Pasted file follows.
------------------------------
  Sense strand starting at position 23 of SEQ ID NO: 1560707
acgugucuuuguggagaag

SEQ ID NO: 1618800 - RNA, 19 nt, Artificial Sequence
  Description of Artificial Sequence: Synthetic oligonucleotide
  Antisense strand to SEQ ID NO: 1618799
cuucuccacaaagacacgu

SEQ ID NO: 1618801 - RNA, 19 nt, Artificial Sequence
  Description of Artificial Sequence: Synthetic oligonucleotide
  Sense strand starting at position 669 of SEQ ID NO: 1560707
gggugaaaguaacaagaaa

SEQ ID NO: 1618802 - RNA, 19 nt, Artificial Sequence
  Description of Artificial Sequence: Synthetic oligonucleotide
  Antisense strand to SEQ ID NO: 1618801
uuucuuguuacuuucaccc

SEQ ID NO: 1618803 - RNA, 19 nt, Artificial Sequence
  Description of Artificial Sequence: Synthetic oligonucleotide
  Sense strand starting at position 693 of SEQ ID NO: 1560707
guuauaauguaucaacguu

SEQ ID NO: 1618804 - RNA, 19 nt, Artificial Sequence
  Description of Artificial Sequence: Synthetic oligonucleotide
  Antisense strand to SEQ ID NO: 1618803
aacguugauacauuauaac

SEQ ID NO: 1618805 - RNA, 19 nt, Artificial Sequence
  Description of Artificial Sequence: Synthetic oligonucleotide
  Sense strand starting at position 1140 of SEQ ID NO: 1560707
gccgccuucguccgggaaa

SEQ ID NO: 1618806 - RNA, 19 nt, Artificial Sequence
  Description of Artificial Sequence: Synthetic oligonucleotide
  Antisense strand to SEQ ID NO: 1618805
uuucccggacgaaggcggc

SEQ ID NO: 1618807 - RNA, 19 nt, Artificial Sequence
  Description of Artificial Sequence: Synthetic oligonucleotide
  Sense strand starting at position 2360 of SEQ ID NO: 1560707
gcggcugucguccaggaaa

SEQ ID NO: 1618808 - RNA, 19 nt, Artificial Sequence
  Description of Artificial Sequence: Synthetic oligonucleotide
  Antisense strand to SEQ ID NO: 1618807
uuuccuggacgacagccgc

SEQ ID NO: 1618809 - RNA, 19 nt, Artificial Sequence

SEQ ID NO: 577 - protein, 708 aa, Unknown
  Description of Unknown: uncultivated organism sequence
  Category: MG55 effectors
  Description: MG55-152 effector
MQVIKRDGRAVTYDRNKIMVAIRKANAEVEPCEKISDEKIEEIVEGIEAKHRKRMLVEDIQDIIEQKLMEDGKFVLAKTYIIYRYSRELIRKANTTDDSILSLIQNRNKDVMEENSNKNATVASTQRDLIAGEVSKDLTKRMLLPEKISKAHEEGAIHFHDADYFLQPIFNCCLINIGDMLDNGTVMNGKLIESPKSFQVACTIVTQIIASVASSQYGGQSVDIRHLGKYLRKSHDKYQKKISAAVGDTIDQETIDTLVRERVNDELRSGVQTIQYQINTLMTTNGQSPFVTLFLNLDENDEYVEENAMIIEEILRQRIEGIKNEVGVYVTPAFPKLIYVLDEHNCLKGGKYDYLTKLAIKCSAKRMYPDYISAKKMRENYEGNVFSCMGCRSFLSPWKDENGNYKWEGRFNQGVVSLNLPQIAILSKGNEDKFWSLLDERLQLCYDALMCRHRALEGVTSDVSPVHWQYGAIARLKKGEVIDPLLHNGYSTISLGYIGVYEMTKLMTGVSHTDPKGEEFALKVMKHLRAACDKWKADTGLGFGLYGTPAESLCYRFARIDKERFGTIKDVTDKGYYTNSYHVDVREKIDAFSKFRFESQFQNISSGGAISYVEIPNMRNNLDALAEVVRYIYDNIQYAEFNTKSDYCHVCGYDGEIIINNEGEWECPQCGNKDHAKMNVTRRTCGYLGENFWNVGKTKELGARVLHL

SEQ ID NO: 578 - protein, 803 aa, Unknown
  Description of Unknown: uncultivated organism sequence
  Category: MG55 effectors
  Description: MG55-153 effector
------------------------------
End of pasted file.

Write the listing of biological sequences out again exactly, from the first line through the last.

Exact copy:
  Sense strand starting at position 23 of SEQ ID NO: 1560707
acgugucuuuguggagaag

SEQ ID NO: 1618800 - RNA, 19 nt, Artificial Sequence
  Description of Artificial Sequence: Synthetic oligonucleotide
  Antisense strand to SEQ ID NO: 1618799
cuucuccacaaagacacgu

SEQ ID NO: 1618801 - RNA, 19 nt, Artificial Sequence
  Description of Artificial Sequence: Synthetic oligonucleotide
  Sense strand starting at position 669 of SEQ ID NO: 1560707
gggugaaaguaacaagaaa

SEQ ID NO: 1618802 - RNA, 19 nt, Artificial Sequence
  Description of Artificial Sequence: Synthetic oligonucleotide
  Antisense strand to SEQ ID NO: 1618801
uuucuuguuacuuucaccc

SEQ ID NO: 1618803 - RNA, 19 nt, Artificial Sequence
  Description of Artificial Sequence: Synthetic oligonucleotide
  Sense strand starting at position 693 of SEQ ID NO: 1560707
guuauaauguaucaacguu

SEQ ID NO: 1618804 - RNA, 19 nt, Artificial Sequence
  Description of Artificial Sequence: Synthetic oligonucleotide
  Antisense strand to SEQ ID NO: 1618803
aacguugauacauuauaac

SEQ ID NO: 1618805 - RNA, 19 nt, Artificial Sequence
  Description of Artificial Sequence: Synthetic oligonucleotide
  Sense strand starting at position 1140 of SEQ ID NO: 1560707
gccgccuucguccgggaaa

SEQ ID NO: 1618806 - RNA, 19 nt, Artificial Sequence
  Description of Artificial Sequence: Synthetic oligonucleotide
  Antisense strand to SEQ ID NO: 1618805
uuucccggacgaaggcggc

SEQ ID NO: 1618807 - RNA, 19 nt, Artificial Sequence
  Description of Artificial Sequence: Synthetic oligonucleotide
  Sense strand starting at position 2360 of SEQ ID NO: 1560707
gcggcugucguccaggaaa

SEQ ID NO: 1618808 - RNA, 19 nt, Artificial Sequence
  Description of Artificial Sequence: Synthetic oligonucleotide
  Antisense strand to SEQ ID NO: 1618807
uuuccuggacgacagccgc

SEQ ID NO: 1618809 - RNA, 19 nt, Artificial Sequence

SEQ ID NO: 577 - protein, 708 aa, Unknown
  Description of Unknown: uncultivated organism sequence
  Category: MG55 effectors
  Description: MG55-152 effector
MQVIKRDGRAVTYDRNKIMVAIRKANAEVEPCEKISDEKIEEIVEGIEAKHRKRMLVEDIQDIIEQKLMEDGKFVLAKTYIIYRYSRELIRKANTTDDSILSLIQNRNKDVMEENSNKNATVASTQRDLIAGEVSKDLTKRMLLPEKISKAHEEGAIHFHDADYFLQPIFNCCLINIGDMLDNGTVMNGKLIESPKSFQVACTIVTQIIASVASSQYGGQSVDIRHLGKYLRKSHDKYQKKISAAVGDTIDQETIDTLVRERVNDELRSGVQTIQYQINTLMTTNGQSPFVTLFLNLDENDEYVEENAMIIEEILRQRIEGIKNEVGVYVTPAFPKLIYVLDEHNCLKGGKYDYLTKLAIKCSAKRMYPDYISAKKMRENYEGNVFSCMGCRSFLSPWKDENGNYKWEGRFNQGVVSLNLPQIAILSKGNEDKFWSLLDERLQLCYDALMCRHRALEGVTSDVSPVHWQYGAIARLKKGEVIDPLLHNGYSTISLGYIGVYEMTKLMTGVSHTDPKGEEFALKVMKHLRAACDKWKADTGLGFGLYGTPAESLCYRFARIDKERFGTIKDVTDKGYYTNSYHVDVREKIDAFSKFRFESQFQNISSGGAISYVEIPNMRNNLDALAEVVRYIYDNIQYAEFNTKSDYCHVCGYDGEIIINNEGEWECPQCGNKDHAKMNVTRRTCGYLGENFWNVGKTKELGARVLHL

SEQ ID NO: 578 - protein, 803 aa, Unknown
  Description of Unknown: uncultivated organism sequence
  Category: MG55 effectors
  Description: MG55-153 effector